TLC has an estimated 4,800 residents living in its 2,600 apartments in Springfield and Republic, but Harvey has been unable to determine what percentage of them own iPhones. He said TLC settled on the iPhone app because of Apple's ubiquitous marketing and the smartphone's popularity. According to recent Securities and Exchange Commission filings, Apple sold 5.2 million iPhones in its fiscal 2009 third quarter - a sevenfold increase compared to the same quarter last year.
Jeff Bertholdi, president of Springfield-based tech firm Bentvision.com, said TLC chose the right mobile platform in the iPhone. While Research in Motion's BlackBerry holds more of the smartphone market than the iPhone, Apple has gained significant ground, Bertholdi said, adding that small businesses whose customers are in their 20s and early 30s should be investigating the feasibility of smartphone applications.
Business surpasses consumer use
The number of businesses seeking developers for apps is on the rise, according to iPhoneAppQuotes.com - a Florida-based company that aligns businesses and entrepreneurs with developers in its pre-approved network.
In first-quarter 2009, the company said requests for new apps were split evenly between businesses and consumers, but business requests jumped to 70 percent in the second quarter. Requests to develop game and music apps, however, are on the decline.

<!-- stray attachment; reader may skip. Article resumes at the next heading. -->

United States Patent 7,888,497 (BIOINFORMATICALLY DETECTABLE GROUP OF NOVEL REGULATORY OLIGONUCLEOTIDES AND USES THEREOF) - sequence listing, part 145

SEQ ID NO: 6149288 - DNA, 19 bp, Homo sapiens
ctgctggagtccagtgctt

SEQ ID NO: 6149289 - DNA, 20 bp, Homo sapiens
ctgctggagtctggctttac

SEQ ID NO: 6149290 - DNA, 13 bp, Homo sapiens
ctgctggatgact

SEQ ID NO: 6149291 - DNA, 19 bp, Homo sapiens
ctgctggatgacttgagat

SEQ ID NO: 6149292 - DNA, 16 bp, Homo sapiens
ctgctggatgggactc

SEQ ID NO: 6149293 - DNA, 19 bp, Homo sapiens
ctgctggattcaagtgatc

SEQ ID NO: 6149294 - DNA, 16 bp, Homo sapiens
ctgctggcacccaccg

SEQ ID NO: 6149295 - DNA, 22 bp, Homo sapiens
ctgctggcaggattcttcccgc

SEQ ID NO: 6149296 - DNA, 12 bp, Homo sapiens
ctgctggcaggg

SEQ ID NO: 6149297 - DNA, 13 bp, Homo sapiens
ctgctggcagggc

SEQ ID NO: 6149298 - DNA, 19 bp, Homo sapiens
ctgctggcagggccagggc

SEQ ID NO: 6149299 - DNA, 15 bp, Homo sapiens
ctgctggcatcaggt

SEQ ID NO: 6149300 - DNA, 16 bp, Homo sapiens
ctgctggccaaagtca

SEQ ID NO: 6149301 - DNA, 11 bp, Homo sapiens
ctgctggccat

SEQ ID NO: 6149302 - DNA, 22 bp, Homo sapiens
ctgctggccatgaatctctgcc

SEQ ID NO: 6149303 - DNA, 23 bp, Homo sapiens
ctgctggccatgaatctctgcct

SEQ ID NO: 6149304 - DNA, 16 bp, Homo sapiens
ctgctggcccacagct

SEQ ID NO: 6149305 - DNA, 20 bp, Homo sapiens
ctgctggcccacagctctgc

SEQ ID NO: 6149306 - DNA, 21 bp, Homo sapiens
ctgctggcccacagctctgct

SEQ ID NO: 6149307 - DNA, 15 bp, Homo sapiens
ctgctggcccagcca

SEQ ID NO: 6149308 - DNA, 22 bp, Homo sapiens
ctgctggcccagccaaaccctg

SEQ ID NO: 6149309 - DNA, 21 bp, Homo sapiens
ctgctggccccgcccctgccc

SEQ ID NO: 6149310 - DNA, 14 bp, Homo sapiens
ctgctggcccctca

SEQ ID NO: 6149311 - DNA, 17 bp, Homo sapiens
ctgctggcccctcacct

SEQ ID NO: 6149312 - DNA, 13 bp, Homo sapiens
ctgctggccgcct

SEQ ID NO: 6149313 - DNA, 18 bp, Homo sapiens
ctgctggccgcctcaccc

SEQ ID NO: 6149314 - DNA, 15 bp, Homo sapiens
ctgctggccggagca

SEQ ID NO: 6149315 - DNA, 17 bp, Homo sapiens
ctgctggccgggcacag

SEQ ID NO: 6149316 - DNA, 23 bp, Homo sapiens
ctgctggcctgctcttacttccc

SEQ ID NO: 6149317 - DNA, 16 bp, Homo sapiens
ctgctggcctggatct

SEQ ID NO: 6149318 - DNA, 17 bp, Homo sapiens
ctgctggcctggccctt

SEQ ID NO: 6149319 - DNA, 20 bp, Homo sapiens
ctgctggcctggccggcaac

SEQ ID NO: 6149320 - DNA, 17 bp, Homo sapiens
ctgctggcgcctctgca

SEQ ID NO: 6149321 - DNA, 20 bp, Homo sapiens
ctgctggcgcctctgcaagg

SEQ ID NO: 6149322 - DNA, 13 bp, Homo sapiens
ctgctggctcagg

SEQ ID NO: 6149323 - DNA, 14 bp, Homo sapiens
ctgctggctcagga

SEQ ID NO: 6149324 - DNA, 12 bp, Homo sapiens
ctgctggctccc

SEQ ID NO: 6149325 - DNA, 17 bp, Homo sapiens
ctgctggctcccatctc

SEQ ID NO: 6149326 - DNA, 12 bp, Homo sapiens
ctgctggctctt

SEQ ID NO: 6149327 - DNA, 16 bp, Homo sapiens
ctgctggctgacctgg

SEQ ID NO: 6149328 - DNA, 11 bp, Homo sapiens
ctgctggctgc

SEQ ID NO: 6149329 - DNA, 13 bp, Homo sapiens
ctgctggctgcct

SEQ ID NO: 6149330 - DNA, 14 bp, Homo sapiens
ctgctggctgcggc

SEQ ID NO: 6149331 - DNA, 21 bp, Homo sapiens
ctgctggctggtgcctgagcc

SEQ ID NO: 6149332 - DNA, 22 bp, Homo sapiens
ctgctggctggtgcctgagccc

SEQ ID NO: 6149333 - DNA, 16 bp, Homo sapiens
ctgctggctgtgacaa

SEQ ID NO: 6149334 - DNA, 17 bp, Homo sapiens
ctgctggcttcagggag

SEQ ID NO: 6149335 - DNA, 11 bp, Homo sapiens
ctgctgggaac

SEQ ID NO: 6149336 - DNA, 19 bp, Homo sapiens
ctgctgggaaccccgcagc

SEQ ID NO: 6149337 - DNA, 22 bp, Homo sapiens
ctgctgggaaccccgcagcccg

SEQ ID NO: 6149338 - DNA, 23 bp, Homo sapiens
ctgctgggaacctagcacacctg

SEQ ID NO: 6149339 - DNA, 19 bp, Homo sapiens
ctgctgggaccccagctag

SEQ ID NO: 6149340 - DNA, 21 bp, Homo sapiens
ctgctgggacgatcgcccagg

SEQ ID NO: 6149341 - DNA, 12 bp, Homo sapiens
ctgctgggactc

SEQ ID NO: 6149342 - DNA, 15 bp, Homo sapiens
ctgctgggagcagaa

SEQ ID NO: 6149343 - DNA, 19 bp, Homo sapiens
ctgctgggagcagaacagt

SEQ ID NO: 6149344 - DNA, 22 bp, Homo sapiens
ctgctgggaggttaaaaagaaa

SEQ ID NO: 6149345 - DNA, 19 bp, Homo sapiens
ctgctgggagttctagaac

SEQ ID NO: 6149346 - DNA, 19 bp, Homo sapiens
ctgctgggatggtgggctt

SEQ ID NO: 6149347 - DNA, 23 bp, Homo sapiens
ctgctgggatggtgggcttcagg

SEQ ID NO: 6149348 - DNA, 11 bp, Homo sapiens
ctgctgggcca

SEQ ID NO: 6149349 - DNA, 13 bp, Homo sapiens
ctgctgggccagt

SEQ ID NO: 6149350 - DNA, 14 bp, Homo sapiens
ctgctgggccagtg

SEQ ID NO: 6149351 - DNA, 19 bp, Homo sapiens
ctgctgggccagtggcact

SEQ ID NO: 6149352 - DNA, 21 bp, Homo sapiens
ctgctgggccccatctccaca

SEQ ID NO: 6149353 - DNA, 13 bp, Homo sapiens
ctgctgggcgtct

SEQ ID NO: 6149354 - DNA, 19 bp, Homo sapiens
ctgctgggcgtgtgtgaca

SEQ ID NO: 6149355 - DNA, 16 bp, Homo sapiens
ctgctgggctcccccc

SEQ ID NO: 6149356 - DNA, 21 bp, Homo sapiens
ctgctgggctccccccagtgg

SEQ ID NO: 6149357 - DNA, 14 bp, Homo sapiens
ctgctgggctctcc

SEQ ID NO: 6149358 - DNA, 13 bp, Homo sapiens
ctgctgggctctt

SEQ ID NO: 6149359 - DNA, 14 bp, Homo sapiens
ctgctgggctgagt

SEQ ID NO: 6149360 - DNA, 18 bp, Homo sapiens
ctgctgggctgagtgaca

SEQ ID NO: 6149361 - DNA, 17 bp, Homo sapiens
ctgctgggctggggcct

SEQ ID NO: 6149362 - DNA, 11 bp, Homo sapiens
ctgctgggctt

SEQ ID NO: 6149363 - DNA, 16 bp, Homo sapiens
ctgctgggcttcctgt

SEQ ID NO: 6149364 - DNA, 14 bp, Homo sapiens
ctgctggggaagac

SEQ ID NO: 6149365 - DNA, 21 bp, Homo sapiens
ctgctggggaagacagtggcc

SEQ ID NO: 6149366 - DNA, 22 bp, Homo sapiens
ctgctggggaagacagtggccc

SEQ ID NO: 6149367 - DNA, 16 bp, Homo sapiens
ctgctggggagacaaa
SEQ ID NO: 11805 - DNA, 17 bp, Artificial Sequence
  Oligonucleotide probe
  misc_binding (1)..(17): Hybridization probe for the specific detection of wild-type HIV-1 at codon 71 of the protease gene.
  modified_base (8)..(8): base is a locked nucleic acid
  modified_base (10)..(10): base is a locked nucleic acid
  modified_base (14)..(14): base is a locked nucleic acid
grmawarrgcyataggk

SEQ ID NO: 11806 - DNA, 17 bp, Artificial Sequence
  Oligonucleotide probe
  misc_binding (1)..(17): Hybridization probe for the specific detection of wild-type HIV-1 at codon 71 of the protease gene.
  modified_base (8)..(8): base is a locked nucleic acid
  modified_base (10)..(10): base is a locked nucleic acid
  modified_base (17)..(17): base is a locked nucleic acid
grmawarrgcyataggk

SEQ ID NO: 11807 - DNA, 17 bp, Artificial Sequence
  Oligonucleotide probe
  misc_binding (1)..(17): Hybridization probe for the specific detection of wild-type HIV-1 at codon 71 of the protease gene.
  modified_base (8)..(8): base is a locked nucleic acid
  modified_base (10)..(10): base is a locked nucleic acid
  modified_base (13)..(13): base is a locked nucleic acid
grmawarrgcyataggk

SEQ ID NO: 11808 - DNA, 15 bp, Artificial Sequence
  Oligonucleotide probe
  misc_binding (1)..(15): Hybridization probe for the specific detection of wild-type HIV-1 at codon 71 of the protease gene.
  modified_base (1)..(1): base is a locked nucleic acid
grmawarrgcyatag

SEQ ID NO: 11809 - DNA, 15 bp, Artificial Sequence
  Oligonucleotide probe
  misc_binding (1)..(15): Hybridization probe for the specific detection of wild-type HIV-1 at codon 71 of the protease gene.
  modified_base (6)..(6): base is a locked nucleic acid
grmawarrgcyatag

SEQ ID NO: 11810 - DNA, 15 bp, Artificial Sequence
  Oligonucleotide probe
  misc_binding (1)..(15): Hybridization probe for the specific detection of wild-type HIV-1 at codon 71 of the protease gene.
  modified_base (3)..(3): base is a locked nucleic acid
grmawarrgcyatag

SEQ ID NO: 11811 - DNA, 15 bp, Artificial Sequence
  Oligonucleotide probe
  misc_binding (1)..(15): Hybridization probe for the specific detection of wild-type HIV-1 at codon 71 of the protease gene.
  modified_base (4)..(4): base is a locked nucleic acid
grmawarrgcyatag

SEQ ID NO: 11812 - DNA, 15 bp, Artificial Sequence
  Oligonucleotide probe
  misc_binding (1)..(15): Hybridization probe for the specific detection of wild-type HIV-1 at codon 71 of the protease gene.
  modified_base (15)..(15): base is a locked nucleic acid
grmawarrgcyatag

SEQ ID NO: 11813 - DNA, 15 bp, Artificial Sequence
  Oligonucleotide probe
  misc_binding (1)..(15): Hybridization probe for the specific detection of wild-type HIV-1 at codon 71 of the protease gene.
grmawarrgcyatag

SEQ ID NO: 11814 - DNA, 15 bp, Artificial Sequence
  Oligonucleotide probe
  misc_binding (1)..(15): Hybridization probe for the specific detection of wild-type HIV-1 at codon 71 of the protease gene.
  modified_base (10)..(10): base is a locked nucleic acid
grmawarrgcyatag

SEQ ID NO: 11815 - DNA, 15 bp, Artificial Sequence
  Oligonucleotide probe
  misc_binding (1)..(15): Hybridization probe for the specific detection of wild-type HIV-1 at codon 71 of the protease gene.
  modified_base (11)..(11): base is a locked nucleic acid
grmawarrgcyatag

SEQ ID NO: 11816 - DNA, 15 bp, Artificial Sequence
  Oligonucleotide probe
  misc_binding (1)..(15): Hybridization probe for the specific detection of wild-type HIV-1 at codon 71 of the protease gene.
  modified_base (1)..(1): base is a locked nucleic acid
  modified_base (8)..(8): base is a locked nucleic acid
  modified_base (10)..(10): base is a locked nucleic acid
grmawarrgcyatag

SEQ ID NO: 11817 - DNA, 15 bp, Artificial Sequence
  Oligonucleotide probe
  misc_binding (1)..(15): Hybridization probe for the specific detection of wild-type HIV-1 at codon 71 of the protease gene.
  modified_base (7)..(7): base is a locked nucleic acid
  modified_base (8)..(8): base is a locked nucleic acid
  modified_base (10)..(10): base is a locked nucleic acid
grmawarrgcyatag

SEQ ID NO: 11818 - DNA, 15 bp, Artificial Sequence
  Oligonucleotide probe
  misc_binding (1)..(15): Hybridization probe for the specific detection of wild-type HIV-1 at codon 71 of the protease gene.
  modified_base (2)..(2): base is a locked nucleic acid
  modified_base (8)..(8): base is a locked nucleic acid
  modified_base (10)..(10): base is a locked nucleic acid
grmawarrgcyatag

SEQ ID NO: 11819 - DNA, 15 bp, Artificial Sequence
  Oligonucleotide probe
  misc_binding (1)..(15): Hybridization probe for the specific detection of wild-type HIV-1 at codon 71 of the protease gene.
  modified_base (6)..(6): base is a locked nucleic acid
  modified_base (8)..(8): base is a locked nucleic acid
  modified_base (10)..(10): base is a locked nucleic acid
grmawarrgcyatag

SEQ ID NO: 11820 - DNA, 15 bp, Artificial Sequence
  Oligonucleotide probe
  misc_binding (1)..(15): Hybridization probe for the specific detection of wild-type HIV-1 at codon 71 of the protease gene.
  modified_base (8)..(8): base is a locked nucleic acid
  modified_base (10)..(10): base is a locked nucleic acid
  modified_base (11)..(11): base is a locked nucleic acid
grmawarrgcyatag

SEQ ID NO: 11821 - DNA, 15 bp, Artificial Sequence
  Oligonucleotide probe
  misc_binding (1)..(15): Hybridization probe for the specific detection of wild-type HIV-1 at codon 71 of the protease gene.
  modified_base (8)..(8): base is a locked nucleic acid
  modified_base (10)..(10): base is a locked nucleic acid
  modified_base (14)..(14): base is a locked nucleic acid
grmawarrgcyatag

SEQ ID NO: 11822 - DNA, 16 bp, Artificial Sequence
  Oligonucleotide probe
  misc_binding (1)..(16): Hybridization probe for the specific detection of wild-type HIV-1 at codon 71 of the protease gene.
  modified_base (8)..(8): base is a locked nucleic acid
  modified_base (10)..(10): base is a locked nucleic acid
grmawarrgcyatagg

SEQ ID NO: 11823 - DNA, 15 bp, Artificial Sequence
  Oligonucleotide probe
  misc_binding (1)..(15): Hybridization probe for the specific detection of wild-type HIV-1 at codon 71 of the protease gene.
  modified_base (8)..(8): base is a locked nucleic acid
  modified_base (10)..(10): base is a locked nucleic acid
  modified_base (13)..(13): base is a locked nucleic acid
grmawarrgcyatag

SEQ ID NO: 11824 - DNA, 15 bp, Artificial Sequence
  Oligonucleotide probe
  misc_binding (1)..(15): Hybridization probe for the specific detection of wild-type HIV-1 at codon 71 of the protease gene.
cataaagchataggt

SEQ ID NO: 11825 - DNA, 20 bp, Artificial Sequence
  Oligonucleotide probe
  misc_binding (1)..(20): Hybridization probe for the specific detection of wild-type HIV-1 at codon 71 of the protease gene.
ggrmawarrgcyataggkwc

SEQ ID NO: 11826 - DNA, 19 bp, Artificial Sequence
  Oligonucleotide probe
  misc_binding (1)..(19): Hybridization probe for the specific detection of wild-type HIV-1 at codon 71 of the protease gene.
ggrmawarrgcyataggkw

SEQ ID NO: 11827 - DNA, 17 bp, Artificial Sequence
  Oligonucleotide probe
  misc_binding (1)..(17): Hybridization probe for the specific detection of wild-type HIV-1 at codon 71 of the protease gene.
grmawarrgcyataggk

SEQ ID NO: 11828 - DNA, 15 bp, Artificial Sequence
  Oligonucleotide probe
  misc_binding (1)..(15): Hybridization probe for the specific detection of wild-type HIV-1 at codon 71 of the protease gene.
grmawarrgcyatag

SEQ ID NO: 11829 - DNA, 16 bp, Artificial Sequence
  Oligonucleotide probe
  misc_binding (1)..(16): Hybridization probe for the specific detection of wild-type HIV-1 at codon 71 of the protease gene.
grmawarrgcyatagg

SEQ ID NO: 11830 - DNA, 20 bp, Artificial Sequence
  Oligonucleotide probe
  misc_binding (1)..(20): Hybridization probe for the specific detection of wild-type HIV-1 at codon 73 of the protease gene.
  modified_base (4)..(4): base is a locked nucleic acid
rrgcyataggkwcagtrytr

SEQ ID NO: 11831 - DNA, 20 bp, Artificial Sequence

"Just in the last six to eight months, apps have really taken off tremendously, and small businesses ... are realizing this is another way for me to reach my potential consumers with my product or my service or just put my brand in front of them," said Greg Weiss, founder of iPhoneAppQuotes.com.
Oklahoma City-based brewery Coop Ale Works has an app that pings an iPhone when a retailer, restaurant or bar that stocks the company's beer is within 100 miles of the user. The app, launched in June, was downloaded some 680 times in the first month, according to the brewery's Web site.
In Atlanta, Vivid Hair Salon customers can book appointments using the salon's iPhone app, and Mountain Mike's Pizza in Santa Clara, Calif., offers coupons to those who download its app. Several larger corporations, such as Sirius XM Radio, Whole Foods Market and Barnes & Noble, also have launched apps.
Weiss said iPhone apps don't necessarily make sense for every business, and he cautioned companies about replicating their homepage for Apple's hip smartphone or trying to pack too many features into an app. He said businesses with iPhone apps also should have solid strategies for spreading the word to potential users.
"Apple will give you a little bit of love in the first couple of weeks," Weiss said. "Depending on what category your app falls into, you will be featured (on the App Store) as a new release for a week or two. ... But after that, you've got to figure out what your marketing plan is."
Harvey said TLC is publicizing the app on its Facebook page and in e-mail blasts to tenants. Information about the new feature also has been incorporated into posters, fliers and all forms of advertising, he said.
The app also serves another purpose, Harvey added.
"We felt like this was an aggressive move for us to separate ourselves from our competition," he said.